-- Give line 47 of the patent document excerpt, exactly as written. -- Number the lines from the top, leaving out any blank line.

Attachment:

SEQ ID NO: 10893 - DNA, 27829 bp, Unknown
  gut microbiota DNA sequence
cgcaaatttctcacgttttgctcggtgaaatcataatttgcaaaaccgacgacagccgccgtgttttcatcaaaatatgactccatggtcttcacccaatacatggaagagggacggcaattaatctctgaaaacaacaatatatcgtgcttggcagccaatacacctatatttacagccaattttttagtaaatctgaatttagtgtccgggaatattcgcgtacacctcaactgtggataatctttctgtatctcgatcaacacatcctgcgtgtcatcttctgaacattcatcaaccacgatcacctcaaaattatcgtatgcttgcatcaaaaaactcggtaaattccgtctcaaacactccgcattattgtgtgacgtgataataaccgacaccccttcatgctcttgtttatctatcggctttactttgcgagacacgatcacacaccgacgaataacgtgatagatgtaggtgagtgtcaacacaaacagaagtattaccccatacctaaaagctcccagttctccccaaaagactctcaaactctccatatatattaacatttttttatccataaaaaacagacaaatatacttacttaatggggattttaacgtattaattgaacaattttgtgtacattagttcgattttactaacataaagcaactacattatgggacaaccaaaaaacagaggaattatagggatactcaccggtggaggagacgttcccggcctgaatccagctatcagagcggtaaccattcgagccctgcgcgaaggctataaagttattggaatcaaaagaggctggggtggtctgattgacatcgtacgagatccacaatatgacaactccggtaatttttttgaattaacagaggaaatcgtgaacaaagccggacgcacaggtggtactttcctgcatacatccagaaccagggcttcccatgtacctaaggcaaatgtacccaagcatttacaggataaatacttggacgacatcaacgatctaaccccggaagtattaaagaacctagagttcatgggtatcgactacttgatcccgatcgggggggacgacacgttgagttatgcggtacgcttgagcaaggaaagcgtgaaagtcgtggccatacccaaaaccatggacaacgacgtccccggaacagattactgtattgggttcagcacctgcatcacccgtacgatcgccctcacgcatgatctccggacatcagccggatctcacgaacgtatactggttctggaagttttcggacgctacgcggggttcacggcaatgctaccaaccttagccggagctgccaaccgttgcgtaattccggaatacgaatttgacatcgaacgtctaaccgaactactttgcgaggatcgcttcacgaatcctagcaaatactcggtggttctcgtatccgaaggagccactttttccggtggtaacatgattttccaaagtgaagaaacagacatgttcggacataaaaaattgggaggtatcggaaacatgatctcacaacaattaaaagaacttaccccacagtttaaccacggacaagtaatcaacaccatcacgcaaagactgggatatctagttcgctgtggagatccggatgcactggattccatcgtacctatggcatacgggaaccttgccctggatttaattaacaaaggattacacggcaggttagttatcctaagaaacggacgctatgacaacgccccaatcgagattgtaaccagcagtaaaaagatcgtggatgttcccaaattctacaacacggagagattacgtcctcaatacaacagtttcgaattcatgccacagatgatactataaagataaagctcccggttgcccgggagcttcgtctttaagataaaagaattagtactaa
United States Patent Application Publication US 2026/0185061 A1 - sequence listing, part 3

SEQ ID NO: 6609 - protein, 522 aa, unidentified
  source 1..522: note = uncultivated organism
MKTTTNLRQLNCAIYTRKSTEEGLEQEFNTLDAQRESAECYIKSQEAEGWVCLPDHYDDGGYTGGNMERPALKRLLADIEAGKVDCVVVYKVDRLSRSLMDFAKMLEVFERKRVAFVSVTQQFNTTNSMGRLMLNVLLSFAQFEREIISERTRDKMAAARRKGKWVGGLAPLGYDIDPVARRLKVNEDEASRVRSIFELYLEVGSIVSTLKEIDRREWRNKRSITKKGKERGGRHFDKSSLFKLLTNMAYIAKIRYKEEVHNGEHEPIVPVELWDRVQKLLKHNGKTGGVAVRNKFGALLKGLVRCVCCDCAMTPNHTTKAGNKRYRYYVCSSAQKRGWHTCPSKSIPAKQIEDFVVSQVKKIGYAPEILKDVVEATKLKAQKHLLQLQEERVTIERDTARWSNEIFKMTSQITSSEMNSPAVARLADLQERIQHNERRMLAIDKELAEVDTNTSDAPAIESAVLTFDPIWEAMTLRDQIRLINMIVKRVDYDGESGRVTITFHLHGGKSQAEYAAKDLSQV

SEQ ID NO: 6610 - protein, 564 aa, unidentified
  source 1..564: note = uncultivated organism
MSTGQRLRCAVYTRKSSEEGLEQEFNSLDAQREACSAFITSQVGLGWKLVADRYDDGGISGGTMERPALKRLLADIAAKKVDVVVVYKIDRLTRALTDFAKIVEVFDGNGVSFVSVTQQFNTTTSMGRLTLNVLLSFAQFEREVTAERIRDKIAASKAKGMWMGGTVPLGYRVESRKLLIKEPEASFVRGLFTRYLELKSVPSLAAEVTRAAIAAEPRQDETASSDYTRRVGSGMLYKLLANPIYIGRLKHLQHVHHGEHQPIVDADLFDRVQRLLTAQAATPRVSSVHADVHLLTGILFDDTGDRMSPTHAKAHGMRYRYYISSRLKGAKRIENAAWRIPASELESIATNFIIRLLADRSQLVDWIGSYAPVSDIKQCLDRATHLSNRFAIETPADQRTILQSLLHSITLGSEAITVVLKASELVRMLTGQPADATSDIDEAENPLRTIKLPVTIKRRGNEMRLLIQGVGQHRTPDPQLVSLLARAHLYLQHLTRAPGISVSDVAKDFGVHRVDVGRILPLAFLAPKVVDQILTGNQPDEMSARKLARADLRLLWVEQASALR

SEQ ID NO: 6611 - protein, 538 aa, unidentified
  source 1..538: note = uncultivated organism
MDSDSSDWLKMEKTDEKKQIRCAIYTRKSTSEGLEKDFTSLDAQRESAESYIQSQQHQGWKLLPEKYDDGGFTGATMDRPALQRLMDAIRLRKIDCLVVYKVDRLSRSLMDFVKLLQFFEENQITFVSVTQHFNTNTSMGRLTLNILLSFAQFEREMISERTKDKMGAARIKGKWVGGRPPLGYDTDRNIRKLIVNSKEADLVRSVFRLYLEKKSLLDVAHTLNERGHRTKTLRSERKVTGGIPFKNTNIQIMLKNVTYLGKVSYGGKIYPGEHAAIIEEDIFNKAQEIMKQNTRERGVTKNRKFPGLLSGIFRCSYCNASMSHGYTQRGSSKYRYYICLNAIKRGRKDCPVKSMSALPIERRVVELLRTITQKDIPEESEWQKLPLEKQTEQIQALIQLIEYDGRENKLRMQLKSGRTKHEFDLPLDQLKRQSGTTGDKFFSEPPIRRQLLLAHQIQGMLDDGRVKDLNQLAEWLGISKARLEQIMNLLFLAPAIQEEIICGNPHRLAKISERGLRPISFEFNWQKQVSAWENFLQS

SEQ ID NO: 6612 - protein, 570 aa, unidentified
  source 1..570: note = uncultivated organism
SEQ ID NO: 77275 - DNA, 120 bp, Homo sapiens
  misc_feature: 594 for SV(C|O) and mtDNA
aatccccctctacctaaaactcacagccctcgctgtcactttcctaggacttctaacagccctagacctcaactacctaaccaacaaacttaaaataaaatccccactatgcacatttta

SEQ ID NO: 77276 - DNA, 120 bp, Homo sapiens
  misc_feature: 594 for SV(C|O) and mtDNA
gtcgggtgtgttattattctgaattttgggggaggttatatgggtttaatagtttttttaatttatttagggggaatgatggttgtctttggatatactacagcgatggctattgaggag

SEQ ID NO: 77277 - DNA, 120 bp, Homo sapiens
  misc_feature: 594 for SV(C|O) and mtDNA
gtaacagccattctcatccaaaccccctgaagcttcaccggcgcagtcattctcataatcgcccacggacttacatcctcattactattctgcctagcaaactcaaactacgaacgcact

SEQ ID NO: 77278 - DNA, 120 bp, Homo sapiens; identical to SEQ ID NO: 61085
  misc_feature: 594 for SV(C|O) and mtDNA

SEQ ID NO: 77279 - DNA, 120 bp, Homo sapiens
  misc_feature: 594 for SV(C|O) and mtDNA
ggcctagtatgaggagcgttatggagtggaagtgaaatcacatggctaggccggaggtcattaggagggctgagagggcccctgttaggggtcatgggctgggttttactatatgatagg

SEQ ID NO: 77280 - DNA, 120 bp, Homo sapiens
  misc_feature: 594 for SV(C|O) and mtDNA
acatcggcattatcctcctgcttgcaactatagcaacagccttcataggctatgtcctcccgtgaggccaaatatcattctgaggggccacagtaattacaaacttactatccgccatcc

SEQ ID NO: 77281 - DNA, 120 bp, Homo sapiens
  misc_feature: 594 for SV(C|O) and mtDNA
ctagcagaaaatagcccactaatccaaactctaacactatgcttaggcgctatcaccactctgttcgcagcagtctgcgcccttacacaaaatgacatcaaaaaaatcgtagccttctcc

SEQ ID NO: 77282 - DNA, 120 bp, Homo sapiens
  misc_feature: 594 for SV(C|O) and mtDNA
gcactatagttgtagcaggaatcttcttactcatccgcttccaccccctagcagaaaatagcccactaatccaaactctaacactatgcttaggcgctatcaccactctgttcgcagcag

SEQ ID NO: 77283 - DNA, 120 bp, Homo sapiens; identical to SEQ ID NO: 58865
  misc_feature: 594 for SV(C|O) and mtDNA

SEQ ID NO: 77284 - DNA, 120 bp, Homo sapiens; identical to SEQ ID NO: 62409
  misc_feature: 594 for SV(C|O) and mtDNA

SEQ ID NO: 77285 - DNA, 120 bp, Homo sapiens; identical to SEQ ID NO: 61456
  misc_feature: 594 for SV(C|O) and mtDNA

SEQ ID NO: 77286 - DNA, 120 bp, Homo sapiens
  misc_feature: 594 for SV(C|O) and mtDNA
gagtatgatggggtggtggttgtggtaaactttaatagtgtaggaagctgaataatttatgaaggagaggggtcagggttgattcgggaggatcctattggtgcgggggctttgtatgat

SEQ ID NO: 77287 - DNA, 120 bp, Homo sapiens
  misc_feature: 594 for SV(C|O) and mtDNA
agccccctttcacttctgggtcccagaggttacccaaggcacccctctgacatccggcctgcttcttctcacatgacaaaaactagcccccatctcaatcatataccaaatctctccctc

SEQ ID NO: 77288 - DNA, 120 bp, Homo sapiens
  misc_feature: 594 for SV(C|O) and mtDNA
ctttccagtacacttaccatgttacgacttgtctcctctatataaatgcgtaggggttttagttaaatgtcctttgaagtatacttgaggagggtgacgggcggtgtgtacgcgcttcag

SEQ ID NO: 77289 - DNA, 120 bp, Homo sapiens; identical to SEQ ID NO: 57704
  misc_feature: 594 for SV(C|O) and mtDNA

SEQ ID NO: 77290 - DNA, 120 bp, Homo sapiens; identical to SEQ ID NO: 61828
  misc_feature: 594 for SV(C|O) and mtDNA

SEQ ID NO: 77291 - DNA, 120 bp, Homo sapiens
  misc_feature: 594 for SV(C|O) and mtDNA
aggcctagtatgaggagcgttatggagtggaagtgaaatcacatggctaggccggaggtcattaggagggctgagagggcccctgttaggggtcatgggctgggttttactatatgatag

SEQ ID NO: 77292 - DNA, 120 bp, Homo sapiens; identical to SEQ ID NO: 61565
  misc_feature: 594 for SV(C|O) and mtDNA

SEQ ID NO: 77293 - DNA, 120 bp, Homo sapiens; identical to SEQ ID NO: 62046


gagtatgatggggtggtggttgtggtaaactttaatagtgtaggaagctgaataatttatgaaggagaggggtcagggttgattcgggaggatcctattggtgcgggggctttgtatgat